If I am honest with you, I can say that we are full of doubts. That behind the self-assurance, there is torment and anguish. I know exactly that all that we are doing will not be perfect. That in a series of issues, not even that I have no clue what the sixth step is, but I don't even know the third. I know the first two. And we must, at the same time, try to take these issues forward, to maintain the cooperation and bona fide between us, to assure the support of the coalition partner , to prepare the managers and leading publicists of the most influential newspapers about what they can count on. To involve them in this process. Learn not to cry out in pain every moment, and keep moving forward.

There is no way that I can predict the consequence of all our steps. We can't. We don't have that much capacity. The truth is, that the whole team only works from 7 a.m. till night and no matter what, after a certain point it cannot be expanded more. We cannot sit with more than 12-15 people around the table, where we need to come to an agreement with governmental people, ministerial people and experts. We can't. This is the amount of talent we have, guys.

There is not much choice. There is not, because we have fucked it up. Not a little but a lot. No European country has done something as boneheaded as we have. It can be explained. We have obviously lied throughout the past one and a half-two years. It was perfectly clear that what we were saying was not true. We are beyond the country's possibilities to such an extent that we could not conceive earlier that a joint government of the Hungarian Socialist Party and the liberals would ever do. And in the meantime, by the way, we did not do anything for four years. Nothing. You cannot mention any significant government measures that we can be proud of, apart from the fact that in the end we managed to get governance out of the shit. Nothing. If we have to give an account to the country of what we have done in four years, what are we going to say? Naturally, it is not constructed nicely, calmly or scrupulously. No. No. It is being prepared at a mad break-neck speed because we could not do it for a while in case it came to light, and now we have to do it so damned desperately that we are almost at the breaking point. And then we slowly end up falling over. Because we cannot do better in keeping up the pace. This is the situation. And in the meantime, we still have to come to an agreement with the Free Democrats because ministerial problems are still *cut* you know that.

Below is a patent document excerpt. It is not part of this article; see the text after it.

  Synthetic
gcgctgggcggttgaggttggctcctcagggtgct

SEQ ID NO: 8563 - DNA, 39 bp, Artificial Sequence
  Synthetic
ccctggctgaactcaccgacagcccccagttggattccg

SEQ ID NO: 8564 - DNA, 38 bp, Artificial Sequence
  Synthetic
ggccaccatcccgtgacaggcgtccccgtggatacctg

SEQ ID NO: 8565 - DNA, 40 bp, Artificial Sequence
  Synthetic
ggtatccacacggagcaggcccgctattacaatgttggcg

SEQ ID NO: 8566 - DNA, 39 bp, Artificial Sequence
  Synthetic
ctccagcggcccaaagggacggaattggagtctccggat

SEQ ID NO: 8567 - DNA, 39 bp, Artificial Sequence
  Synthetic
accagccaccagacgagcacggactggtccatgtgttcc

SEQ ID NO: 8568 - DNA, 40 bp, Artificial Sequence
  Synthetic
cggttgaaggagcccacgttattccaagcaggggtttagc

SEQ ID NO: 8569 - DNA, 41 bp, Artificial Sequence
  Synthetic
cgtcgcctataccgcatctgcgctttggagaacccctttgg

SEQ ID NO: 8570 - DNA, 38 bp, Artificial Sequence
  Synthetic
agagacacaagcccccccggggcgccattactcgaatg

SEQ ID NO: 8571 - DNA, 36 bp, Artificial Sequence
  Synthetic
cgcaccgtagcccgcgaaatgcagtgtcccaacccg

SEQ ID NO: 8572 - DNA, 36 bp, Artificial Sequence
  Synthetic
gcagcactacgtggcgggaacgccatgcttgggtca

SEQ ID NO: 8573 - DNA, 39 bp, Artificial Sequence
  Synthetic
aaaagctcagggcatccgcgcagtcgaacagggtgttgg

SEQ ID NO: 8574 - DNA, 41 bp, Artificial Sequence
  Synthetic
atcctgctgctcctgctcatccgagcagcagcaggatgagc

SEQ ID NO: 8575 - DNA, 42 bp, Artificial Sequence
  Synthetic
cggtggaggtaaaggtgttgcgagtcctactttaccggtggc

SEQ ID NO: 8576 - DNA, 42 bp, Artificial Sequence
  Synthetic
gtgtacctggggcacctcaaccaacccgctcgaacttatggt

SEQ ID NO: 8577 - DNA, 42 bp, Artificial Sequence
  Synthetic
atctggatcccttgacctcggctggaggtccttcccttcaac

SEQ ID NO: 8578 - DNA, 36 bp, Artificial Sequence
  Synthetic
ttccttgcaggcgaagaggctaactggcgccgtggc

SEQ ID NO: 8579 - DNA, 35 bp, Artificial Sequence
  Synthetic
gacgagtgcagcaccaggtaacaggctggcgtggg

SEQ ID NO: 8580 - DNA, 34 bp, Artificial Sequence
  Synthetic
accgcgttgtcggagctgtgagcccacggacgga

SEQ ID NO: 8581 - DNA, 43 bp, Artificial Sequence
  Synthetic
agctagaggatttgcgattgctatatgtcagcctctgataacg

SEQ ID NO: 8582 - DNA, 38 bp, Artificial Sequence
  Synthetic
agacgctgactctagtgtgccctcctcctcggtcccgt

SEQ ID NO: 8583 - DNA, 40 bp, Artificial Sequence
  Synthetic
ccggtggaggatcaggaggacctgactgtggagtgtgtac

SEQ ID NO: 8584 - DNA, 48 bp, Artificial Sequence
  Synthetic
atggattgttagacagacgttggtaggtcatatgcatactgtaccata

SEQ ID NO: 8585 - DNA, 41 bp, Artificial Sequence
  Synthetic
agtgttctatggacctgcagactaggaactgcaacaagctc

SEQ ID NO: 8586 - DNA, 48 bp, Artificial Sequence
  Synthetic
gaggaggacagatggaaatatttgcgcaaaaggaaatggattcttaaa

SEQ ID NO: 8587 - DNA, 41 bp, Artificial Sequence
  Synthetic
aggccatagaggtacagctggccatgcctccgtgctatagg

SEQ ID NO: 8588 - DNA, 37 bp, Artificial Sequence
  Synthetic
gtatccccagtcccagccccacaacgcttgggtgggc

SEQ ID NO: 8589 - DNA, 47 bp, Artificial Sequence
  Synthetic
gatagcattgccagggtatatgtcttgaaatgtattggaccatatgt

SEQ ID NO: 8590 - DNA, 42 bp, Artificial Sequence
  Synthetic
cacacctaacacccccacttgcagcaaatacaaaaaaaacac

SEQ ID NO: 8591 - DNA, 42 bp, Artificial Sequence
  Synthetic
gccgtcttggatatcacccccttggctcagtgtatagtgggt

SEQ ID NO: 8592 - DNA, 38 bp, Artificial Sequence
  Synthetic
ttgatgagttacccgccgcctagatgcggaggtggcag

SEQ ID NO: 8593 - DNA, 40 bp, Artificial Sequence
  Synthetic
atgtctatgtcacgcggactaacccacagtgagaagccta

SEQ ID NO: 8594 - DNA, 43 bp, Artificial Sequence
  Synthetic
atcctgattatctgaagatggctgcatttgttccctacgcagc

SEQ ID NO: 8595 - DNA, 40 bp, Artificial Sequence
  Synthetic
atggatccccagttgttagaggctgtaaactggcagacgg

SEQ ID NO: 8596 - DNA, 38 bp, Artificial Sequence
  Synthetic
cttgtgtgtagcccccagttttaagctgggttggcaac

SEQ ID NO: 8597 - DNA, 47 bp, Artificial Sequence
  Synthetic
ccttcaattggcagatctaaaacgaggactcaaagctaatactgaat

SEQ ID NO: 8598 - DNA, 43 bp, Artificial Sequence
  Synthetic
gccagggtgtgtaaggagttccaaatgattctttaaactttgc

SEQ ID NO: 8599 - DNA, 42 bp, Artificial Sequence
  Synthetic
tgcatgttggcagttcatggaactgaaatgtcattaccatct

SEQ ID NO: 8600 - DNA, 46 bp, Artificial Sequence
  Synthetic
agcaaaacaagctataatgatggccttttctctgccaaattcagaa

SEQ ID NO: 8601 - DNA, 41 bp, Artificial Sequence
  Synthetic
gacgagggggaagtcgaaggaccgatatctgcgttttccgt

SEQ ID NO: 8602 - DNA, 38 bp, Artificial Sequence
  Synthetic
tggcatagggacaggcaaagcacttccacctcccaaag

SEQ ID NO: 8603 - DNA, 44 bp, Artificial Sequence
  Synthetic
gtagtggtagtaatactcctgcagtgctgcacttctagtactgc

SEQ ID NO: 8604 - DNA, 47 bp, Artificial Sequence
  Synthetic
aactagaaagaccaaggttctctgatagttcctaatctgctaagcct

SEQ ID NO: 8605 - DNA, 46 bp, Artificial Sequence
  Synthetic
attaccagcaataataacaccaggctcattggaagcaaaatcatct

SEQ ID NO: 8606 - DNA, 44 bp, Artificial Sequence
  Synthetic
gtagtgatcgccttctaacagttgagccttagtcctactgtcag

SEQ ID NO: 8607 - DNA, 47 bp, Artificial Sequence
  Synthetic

Look. The point is that there are no options in the shortest term. Jani Veres is right. We can dither a little longer but not much. The moment of truth has arrived quickly. Divine providence, the abundance of cash in the world economy, and hundreds of tricks, which you obviously don't need to know about, have helped us to survive this. This cannot go on . Cannot. And of course we can ponder for a long time, and a fucking load of analyses can be carried out as to how each social group will end up with this, that is what I can say to you. We cannot continue analysing for weeks, guys, we cannot. We must tell on the first day what needs to be done to ensure that an adjustment can be made this year and that certain tax regulations can be implemented on 1 September. I can go on analyzing for a couple of more weeks, then others who are doing this as their profession will come to me, and say that they have already went through these analyses. Hungary is written down . So premising that what we do is far from being perfect, I cannot tell you a 'B' version.

With whoever influential opinion-shaper around the Hungarian Socialist Party in macroeconomy-related matters, from Kornai to Bokros , from Békesi to Surányi , from Vértes to heaven-knows-who, we have discussed, suffered, yelled it through. And I must tell you as well, that we meet a lot of great ideas. Oh, gosh! And it turns out, that even the greatest ones, the most respected ones make mistakes in the order of hundreds of millions . Let's lay a residential property tax on everyone! Do you know how much income it gets in from a residential property tax, in case we tax every real estate that worth more than 5 million Forints ? I stated a low value limit, not a hundred million , but five. And by the way, we also give the 52 billion to county governments, that comes in from communal tax, since we then have to give that to them, it is already their income now. The whole balance would result with less than 20 billion Forints. There comes the most influential businessman of Hungary, Sándor Demján. With an extremely loud voice, saying: 'Feri, my dear fellow, I've just read in the Sárközi-report , that in case we close every background institutions, we will save 700-800 billion Forints. I say: 'Sanyi, my dear fellow, are you out of your mind?! At least you could know how to do calculations, for god's sake!'. There comes our fellow Gyuri Surányi, that he got the idea in mind, how the tax immunity of statutory minimum wage can be modified while preserving justice. And we keep working on it for a long time. Then he finally sends his piece of paper with the calculation results, and it turns out, that everything is perfect, the only thing he doesn't know, that the system of tax credit does exist in Hungary today and it also needs to be changed, which is 230 billion Forints on the whole. Oh yeah? If this 200 billion is involved in calculations, then he does not have a solution. In general, there are lots of good ideas as long as calculations do not have to be done. If calculations need to be done, then one runs out of wisdom.